One thing that I learned this conference (among the many things from all the speakers!) comes from an incident that occured during our late-night YLC staff meeting.  This was Thursday evening – the end of the second day of the conference, and everyone was very tired and rather un-energized.  Not to go into details (you can ask me if you wish.  And big props to RN for talking it through with me that night), but what I learned from this experience was that as a leader, I need to really make sure I open up communication between those I’m working with so that they can let me know if anything is going wrong or if they are frustrated about my management.  This year, I put a lot more trust in my interns to run YLC on their own (much more than I did last year since I was green to the whole management thing and to YLC), but that may have put more stress on them and I probably didn’t offer enough guidance.  So, I’m really looking forward to their feedback this year (I made a list of 30 odd questions for them, so I’m hoping I get some constructive responses).  Leadership is all about communication, and a good leader is able to promote and maintain open dialogue between the people who work with him/her.  Michael Chen put it eloquently: in order for a boat to get somewhere, everyone needs to be paddling together, both the leader and the team, in a synergistic manner.  And for that to happen, open communication needs to be established and cultivated.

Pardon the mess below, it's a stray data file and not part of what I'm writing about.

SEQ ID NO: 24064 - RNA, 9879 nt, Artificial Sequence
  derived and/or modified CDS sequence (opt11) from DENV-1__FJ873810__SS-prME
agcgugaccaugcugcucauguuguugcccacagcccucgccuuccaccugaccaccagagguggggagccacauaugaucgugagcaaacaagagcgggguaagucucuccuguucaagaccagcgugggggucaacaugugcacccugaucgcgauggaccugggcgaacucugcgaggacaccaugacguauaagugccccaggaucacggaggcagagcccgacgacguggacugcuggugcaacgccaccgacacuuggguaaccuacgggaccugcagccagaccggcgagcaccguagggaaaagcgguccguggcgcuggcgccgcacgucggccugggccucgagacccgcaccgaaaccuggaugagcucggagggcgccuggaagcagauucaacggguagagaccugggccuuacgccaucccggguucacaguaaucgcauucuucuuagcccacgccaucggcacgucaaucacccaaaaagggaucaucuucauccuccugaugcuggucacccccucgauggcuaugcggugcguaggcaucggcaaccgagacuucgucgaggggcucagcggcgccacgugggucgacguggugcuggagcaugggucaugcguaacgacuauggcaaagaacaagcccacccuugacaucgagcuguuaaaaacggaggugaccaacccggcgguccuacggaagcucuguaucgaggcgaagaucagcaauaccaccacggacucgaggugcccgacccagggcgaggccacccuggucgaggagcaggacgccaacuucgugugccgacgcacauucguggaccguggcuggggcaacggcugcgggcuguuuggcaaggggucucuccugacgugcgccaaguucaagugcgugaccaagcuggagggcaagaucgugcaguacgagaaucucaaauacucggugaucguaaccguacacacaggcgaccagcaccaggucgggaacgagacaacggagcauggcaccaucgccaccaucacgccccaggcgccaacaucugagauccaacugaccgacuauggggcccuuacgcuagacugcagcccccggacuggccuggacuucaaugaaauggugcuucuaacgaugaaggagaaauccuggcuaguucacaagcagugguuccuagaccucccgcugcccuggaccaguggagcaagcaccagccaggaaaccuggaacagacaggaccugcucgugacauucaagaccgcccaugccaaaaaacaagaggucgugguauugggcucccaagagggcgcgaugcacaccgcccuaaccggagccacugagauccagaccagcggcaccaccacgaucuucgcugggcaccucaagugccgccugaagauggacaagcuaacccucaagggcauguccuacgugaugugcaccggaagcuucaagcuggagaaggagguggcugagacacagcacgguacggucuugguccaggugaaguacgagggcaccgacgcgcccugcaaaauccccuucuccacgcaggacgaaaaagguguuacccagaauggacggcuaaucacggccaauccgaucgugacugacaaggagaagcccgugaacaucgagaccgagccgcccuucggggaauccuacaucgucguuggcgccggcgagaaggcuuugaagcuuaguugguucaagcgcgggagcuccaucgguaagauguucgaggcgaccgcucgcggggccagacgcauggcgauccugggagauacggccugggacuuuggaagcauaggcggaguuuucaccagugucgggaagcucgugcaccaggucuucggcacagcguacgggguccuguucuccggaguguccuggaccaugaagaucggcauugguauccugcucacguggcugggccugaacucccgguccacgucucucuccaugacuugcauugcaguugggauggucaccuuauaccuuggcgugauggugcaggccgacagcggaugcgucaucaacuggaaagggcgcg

But how do you critique  something to your direct supervisor?  I will be the first to admit that I haven’t had the most positive thoughts about every project that I do or think the best of the way a boss manages things, but looking back, I should have said something, even if my supervisor didn’t extend that hand.  If I’m frustrated and I don’t tell my boss, then he/she won’t know, and we can’t work together to find an agreeable solution.  I think it’s the responsibility of both parties to reach out to each other. Dialogue only works when both parties are involved.

I know that a lot of my interns often doubt certain aspects of our various projects (and I’m glad they do, because it shows that they are thinking about them!), but feel uncomfortable saying it directly to me.  So, I’m glad they have other staff to speak to about those uncertainties.  I want to be there for them, but I am probably not the best person to talk to, especially since I’m their outreach coordinator.  I am also glad that during YLC, AG, CC, SC, and MB were able to bring the interns snacks, gatorade, and send encouraging text messages to keep morale high.  It’s hard to listen to one person (aka me) yap about what needs to be done and still keep a smile on your face.  I’m realizing more and more, the way that you hold yourself, your facial expressions, etc. all make a huge impact on how the rest of your team acts and responds.

Alright, enough ruminations from me.  Thanks for reading – if you got through all that (and even if you didn’t thanks for reading the portions that you read).  Time to go to another workshop on how to evaluate web 2.0 efforts.

Also, welcome to Club 23, DT.  It was good speaking with you over the phone yesterday.

Yours,
Amy